One of the benefits of getting older is that one no longer feels the same need to have heroes in life. While it’s not a universal phenomenon, the move away from needing someone to look up to often falls away like so many strands of hair, leaving behind the bald truth that anytime we look up to someone else we have belittled ourselves in some way. This also helps protect us from the inevitable disappointment when our idols eventually fall from grace.
It makes sense that when we are younger we quiet literally look up to others who are bigger, smarter, stronger, and capable of great feats of courage or physical displays. It helps to make the world a little less scary. As we grow older, however, hero worship takes on the star-struck quality of desperately needing to believe that there are those who rise above us mere mortals either in deed or virtue. The need here is not as easy to pin down; my best guess is that it helps to restore our faith in humanity. It appears that one good hero can counter the effects of hordes of miscreants, malcontents, and good old fashioned mean people.
There are some who also hold the cynical belief that our culture likes to put certain people on pedestals simply to either knock them down or delight when the natural force of gravity takes over and sends them crashing back to the ground. Thus, the rise and fall of our heroes takes on the predictable rhythm of waves breaking on the shore, with each new idol exposing him or herself as suffering from the illness that effects all of us; that of being human.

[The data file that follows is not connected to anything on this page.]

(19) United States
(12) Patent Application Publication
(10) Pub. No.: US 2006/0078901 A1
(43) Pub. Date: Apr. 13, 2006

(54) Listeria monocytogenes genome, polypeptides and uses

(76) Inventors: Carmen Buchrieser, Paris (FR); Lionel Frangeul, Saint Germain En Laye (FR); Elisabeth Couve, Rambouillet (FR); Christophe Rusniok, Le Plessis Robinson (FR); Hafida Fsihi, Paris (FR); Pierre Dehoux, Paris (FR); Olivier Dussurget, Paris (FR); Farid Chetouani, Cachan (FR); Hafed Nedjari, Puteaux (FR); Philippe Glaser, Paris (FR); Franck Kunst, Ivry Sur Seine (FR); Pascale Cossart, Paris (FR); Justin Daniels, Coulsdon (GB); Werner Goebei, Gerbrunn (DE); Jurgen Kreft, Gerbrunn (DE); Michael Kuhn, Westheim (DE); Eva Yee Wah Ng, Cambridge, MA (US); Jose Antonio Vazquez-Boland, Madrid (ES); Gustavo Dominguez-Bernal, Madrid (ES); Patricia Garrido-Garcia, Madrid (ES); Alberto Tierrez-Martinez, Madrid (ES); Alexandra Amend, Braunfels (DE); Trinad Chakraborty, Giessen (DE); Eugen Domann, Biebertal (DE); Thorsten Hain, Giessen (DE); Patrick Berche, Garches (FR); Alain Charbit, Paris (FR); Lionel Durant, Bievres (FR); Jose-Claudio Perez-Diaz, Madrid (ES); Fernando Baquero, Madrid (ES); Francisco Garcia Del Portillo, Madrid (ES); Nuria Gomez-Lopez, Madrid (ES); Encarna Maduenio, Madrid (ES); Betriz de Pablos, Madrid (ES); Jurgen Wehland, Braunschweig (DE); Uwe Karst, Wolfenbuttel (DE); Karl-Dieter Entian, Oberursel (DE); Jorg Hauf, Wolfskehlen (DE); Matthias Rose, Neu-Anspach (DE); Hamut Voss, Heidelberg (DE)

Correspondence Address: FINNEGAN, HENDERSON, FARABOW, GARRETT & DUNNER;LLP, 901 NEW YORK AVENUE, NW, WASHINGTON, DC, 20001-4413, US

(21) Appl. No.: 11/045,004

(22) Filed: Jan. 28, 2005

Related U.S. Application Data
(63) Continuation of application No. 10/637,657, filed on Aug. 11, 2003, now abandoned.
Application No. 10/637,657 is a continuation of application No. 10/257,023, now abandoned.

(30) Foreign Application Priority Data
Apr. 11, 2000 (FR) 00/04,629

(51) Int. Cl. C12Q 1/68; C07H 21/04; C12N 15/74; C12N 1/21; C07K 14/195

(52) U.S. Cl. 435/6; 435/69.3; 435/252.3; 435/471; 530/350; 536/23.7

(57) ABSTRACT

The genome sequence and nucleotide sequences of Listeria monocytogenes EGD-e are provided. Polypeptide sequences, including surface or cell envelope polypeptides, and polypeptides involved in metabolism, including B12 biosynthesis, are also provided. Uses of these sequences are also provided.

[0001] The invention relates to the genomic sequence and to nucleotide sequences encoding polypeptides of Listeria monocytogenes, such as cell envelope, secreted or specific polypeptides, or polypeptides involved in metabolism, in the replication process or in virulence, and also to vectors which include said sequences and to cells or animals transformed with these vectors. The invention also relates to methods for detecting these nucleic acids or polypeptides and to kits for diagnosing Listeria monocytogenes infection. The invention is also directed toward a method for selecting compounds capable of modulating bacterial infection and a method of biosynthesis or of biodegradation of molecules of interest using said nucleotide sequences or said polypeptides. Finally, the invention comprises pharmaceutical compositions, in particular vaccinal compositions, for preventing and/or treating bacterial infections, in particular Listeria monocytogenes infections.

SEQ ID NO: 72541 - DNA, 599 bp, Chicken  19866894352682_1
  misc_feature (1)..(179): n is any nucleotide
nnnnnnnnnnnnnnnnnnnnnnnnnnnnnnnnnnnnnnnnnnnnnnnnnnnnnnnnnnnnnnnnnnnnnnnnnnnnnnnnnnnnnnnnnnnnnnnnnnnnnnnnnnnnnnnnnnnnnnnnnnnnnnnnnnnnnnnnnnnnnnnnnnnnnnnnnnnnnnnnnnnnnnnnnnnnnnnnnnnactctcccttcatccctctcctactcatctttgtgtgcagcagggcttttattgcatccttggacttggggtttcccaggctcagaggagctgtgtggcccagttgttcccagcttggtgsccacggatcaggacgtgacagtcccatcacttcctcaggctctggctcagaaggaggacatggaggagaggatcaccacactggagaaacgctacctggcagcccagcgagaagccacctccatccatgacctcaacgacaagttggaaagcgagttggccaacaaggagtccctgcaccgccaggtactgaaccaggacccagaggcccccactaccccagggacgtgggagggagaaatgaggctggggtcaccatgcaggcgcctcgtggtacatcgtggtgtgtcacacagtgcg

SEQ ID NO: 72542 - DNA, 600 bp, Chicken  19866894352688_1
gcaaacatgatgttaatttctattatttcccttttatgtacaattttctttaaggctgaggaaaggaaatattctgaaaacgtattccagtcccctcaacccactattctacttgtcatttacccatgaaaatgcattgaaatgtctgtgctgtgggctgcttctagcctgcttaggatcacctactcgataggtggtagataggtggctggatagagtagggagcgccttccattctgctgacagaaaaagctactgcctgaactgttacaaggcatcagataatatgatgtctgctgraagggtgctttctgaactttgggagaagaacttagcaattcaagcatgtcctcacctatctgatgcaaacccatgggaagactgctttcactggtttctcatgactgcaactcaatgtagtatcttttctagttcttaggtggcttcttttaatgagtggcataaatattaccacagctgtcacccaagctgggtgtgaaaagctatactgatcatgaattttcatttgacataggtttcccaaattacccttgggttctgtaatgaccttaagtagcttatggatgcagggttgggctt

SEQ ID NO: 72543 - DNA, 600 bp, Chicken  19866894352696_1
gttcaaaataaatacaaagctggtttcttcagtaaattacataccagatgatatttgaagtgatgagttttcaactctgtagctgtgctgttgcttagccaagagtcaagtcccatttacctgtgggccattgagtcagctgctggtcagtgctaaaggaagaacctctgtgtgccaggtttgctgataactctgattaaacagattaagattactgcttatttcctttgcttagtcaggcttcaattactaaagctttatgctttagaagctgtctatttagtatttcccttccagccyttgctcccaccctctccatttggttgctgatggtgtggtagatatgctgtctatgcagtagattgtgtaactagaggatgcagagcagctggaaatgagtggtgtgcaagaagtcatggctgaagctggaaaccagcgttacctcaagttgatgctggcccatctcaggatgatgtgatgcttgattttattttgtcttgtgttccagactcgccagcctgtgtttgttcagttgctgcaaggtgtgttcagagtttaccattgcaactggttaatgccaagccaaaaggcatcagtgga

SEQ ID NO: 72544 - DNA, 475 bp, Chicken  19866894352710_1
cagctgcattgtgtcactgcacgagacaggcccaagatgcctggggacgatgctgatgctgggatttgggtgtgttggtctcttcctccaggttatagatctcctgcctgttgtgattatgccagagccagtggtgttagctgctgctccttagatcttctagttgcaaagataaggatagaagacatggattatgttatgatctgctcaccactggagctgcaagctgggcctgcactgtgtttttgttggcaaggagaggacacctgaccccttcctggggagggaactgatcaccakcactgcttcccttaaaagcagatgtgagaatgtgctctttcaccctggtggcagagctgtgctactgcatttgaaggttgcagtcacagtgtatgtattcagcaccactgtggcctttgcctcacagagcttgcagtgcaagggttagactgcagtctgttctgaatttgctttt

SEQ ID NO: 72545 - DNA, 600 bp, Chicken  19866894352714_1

If we allow the aging process to truly make us wise, to learn from our experiences rather than just repeat them, there comes a time when the need for heroes is abandoned. This comes, not in the form of resignation that “There are no heroes, so why bother,” but a realization that the real heroes are those who live their lives to the best of their abilities, whose traits are not super-human, but extraordinarily humane.
As idol worship falls away so does schadenfreude, that strange delight in watching others stumble over themselves. Minus the need to place people on precarious perches of “better than me,” we no longer suffer the heart-ache when they turn out to be just like the rest of us whose lives swing between comedy and tragedy.
Ultimately, the answer to the question, “When will our heroes stop disappointing us?” is, “When we stop needing heroes.”